"I think we need to improve on that. You know, there's no question about it. And I think that's gonna help our ability to play with consistency. That's what you need to be able to play with consistency. But it's not just happening here. I'm not making excuses. It's happening at lots of places. So, now you can talk about parity in college football and all that kind of stuff. I think that has something to do with it. But I also think that puts a premium at playing to a standard of excellence and knowing that the other team has enough players to beat you. They come prepared, so now the mental aspects of the game become even more important. Because you can't let down, and not think the other guys aren't going to be able to execute against you. I don't care who 22 (Houston's Anthony Alridge) plays for; the guy's a good player. Probably as good as anybody we've played against all year.
"I know we're Alabama and they're Houston, so we're supposed to beat ‘em, and kill ‘em, and all that stuff but I told you that before we ever started that wasn't going to be the way it was, and it wasn't that way. Now, could we have done a lot better? Absolutely. Do we all want to do a lot better? Absolutely. Are there lots of things we can improve on? Absolutely. So, we're gonna work hard to do that. But we did win the game. We did compete to the end, and that's a real positive, and there were a lot of good things done in the game as well. So we do have the capability of doing those things, we just need to maintain those things with a better level of consistency throughout the game.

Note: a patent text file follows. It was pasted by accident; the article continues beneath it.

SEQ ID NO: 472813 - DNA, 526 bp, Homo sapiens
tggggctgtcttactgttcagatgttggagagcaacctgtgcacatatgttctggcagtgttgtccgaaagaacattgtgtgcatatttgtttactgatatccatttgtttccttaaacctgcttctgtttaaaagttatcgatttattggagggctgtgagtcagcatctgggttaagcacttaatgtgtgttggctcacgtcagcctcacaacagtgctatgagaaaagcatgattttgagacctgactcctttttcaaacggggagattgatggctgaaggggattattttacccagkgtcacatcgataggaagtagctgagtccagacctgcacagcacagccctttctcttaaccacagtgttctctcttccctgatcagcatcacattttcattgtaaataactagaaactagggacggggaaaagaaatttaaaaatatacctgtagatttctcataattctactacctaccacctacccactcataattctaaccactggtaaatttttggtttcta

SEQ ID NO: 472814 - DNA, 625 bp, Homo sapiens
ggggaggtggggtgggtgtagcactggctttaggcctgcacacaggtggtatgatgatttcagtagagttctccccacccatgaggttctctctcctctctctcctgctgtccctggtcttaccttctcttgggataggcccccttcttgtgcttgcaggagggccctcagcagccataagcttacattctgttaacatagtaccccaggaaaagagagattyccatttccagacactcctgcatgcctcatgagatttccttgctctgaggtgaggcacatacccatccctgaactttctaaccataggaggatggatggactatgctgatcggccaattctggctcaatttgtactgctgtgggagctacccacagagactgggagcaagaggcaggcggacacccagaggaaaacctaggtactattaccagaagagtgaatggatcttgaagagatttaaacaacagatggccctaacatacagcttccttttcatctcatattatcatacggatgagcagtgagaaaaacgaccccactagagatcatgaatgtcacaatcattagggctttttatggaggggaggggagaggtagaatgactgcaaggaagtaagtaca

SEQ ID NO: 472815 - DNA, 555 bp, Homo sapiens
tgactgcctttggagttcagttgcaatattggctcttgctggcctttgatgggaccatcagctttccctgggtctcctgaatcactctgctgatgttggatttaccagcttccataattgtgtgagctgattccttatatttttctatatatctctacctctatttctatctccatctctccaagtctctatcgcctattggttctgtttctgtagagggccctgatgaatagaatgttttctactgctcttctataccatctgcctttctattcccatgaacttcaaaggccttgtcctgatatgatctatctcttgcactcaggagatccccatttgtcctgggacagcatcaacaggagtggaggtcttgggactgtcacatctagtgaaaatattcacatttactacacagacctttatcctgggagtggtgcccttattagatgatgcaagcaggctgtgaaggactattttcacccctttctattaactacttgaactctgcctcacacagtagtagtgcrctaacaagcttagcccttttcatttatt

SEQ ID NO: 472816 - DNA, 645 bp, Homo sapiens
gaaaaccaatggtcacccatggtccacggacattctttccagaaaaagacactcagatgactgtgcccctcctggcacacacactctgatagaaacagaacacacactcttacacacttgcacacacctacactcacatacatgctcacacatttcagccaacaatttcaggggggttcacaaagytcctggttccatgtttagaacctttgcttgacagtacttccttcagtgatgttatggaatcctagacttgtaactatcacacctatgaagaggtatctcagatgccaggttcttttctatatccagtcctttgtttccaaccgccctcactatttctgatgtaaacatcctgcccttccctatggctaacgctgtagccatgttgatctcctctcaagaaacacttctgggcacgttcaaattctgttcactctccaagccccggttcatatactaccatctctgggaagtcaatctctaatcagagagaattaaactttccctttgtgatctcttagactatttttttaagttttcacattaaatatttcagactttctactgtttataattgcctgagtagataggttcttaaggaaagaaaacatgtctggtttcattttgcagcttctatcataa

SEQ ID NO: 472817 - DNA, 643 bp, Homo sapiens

"Glen Coffee had a really good game. Andre Smith had a good game. Those are our two offensive players. Wallace Gilberry, who is the (SEC) Defensive (Line) Player of the Week, had 11 tackles, four-and-a-half tackles for loss, couple quarterback sacks, couple hurries…and Wallace was hurt all week going into the game, got hurt during the game, came back in to play in the game and played extremely well. Showed a lot of resilience, overcame a lot of adversity to play in the game. Did an outstanding job. Rashad Johnson did a good job in the game as well, making a lot of adjustments in the secondary, had nine tackles and the big interception near the end helped us keep the game out of reach. On special teams, Chris Rogers and Charlie Higgenbotham have consistently done a pretty good job. Those two guys did a pretty good job again this week. It was a big play in the game that Marquis Johnson made on the fumble on the punt which gave us an opportunity to score, which was the difference in the game.